INDIANAPOLIS -- A federal inspector found two strains of salmonella and unclean conditions at an Indiana cantaloupe farm's fruit-packing plant during inspections prompted by a deadly outbreak linked to the farm's melons.
The Food and Drug Administration's report on the mid-August inspections at Chamberlain Farm Produce Inc. shows an inspector found improperly cleaned and apparently rusted and corroded equipment. The inspector also found what appeared to be algae growing in standing water beneath conveyer belts at the Owensville, Ind., plant, the report said.
Two strains of salmonella were found on cantaloupes in the farm's fields and on surfaces throughout the packing building located about 20 miles north of Evansville in southwestern Indiana, according to the report, which was posted Tuesday night on the FDA's website.
One salmonella strain was found on cantaloupes that had been processed in the building and boxed, according to the inspector, who wrote that she saw "indications of poor sanitary practices demonstrating contamination" in the fruit-packing building.
On Aug. 22, about a week after the FDA inspections, Chamberlain Farm Produce announced it had voluntarily recalled all of its cantaloupes due to concerns that some might be tainted with salmonella. Six days later, the FDA disclosed that genetic testing on salmonella collected at the farm matched the "DNA fingerprint" of the salmonella strain responsible for this summer's outbreak, making it a source for at least some of the bacteria.
FDA spokeswoman Carla Daniels said Wednesday that the agency is still investigating, but the Indiana farm is the only farm that's been linked to the salmonella outbreak to date.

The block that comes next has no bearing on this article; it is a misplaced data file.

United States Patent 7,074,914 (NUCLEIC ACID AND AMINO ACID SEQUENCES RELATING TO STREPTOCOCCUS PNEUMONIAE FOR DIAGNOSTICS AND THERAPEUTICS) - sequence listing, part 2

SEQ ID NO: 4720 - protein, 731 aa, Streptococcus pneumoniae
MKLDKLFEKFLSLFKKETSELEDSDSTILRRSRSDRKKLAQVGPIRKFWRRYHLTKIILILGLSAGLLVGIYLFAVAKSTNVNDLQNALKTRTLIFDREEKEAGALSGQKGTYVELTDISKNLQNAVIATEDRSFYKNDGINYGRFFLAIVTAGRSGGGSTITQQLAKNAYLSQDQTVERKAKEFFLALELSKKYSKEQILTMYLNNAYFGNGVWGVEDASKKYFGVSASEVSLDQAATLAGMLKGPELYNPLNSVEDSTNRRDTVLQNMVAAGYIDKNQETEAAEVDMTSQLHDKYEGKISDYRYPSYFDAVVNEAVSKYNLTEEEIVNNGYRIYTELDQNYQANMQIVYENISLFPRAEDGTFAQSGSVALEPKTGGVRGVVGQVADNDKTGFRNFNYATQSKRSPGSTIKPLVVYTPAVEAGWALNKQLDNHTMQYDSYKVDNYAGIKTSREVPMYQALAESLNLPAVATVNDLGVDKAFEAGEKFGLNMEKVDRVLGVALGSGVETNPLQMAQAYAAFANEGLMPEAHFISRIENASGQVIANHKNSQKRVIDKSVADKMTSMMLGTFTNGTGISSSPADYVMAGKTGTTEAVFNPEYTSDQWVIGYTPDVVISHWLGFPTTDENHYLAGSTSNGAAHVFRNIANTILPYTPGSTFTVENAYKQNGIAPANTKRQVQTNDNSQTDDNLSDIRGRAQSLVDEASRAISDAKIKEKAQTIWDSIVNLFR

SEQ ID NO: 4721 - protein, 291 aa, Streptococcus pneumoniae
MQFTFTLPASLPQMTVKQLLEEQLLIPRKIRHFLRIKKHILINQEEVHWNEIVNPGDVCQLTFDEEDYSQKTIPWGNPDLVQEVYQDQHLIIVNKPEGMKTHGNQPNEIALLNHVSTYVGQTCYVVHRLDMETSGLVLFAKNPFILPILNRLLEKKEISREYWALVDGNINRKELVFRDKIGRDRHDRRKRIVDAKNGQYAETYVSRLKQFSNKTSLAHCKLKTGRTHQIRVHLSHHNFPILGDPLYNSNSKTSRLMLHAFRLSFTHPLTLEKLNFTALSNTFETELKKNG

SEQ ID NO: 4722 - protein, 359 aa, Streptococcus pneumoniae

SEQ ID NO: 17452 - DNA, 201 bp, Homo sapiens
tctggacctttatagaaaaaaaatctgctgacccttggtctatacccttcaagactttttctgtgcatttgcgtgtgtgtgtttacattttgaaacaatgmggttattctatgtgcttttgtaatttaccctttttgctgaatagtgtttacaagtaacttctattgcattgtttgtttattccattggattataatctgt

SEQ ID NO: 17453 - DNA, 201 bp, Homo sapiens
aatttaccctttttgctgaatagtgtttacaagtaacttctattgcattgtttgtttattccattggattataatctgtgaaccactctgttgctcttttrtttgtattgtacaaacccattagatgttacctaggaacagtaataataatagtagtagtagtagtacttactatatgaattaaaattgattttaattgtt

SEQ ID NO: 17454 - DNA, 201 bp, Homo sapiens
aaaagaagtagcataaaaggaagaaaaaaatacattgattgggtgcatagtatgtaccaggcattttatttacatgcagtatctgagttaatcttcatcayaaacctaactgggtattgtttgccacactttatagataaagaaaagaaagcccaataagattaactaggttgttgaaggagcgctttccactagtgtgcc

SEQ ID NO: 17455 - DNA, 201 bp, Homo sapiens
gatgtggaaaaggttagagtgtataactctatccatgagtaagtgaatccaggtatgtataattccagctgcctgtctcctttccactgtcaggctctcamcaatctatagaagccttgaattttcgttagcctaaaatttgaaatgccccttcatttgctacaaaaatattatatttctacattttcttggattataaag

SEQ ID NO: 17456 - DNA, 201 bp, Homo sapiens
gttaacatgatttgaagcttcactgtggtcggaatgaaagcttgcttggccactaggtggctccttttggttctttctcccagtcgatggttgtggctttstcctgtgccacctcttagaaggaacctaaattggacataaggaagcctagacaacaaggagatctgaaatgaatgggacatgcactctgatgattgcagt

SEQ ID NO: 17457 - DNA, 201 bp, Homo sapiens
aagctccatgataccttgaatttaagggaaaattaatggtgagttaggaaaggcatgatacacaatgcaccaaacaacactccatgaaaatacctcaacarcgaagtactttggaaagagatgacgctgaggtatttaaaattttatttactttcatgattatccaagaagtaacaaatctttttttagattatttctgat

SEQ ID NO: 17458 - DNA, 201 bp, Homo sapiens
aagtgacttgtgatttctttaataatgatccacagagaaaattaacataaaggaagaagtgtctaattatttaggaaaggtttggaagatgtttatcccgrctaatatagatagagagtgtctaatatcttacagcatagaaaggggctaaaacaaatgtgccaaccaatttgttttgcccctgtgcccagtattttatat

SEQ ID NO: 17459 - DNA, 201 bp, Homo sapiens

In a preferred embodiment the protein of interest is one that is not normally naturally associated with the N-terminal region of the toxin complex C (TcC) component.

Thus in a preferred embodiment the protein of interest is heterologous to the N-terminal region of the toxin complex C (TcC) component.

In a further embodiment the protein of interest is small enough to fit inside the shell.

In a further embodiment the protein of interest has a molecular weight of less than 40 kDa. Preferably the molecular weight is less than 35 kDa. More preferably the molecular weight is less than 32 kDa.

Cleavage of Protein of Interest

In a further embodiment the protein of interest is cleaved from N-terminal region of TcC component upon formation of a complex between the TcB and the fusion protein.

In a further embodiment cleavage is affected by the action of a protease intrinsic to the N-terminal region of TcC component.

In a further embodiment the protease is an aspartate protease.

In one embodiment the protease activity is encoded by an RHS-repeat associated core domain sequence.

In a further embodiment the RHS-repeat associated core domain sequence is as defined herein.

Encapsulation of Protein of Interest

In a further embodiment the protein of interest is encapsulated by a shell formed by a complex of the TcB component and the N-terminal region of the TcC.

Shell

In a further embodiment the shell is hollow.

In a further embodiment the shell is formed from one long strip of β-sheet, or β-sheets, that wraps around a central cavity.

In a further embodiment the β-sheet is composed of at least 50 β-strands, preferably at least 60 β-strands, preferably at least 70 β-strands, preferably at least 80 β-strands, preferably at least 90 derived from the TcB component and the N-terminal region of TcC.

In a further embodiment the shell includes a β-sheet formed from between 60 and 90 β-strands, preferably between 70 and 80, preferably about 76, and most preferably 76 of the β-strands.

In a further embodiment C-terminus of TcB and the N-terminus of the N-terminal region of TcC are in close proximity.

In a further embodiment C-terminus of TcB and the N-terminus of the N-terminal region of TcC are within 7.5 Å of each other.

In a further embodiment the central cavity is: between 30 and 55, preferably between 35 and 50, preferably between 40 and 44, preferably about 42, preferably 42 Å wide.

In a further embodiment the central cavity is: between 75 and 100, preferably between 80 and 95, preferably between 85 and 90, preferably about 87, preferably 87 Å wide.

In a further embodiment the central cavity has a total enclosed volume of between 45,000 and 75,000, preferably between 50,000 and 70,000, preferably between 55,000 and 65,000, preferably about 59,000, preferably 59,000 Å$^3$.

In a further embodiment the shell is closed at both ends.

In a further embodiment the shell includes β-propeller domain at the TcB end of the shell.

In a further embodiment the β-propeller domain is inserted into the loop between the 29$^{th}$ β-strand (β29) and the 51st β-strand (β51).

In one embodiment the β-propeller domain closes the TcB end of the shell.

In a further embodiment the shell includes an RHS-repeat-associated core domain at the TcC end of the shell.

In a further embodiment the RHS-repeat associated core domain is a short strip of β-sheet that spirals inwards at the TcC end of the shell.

The outbreak sickened at least 270 people in 26 states and killed three people in Kentucky, according to the FDA. The first cases were reported in July, and the FDA sent its last update on the outbreak on Sept. 13.
Gary Zhao, an attorney for Chamberlain Farm Produce, said in a statement Wednesday that the farm has been cooperating fully with FDA officials.
"While we acknowledge that the FDA report notes certain conditions allegedly observed at Chamberlain Farm, there is nothing in the report to indicate the conditions are a source of or contributed to any reported illnesses," Zhao said.
The Indiana farm last month pulled its watermelons from the market after salmonella was found on some of those fruits, but the farm's attorney has said that no illnesses had been linked to any of its watermelons.
One food safety advocate said she was disappointed but not surprised by the FDA's inspection report, which also found that farm managers were not monitoring the level of chlorine in a water-filled tank that's part of the cantaloupe processing line and had no documentation of the sanitizer's past use.
Barbara Kowalcyk, chief executive officer of the Center for Foodborne Illness Research & Prevention, said she and others pushing for tighter food safety regulations have seen many similar inspection reports over the years.
She said one of the most disconcerting findings in the report is that the packing building used sections of carpet in its cantaloupe processing line _ a material the FDA report noted is difficult to adequately clean.
Kowalcyk said many of the nation's fruit and produce growers are "well-meaning" but don't fully understand the safety implications of some of their processing techniques.
"From their perspective, using carpet is a good way to prevent bruising so that they don't have as many losses, financial losses. But carpet is just a huge sponge; it's a really good environment for trapping and growing bacteria," she said. "The reality is that these types of conditions are found at other establishments across the country."
Daniels noted the FDA is under no mandate to inspect farms such as Chamberlain Farm, unlike with food manufacturing plants. Instead, such farm inspections "are conducted on a case by case basis as the situation warrants," she said.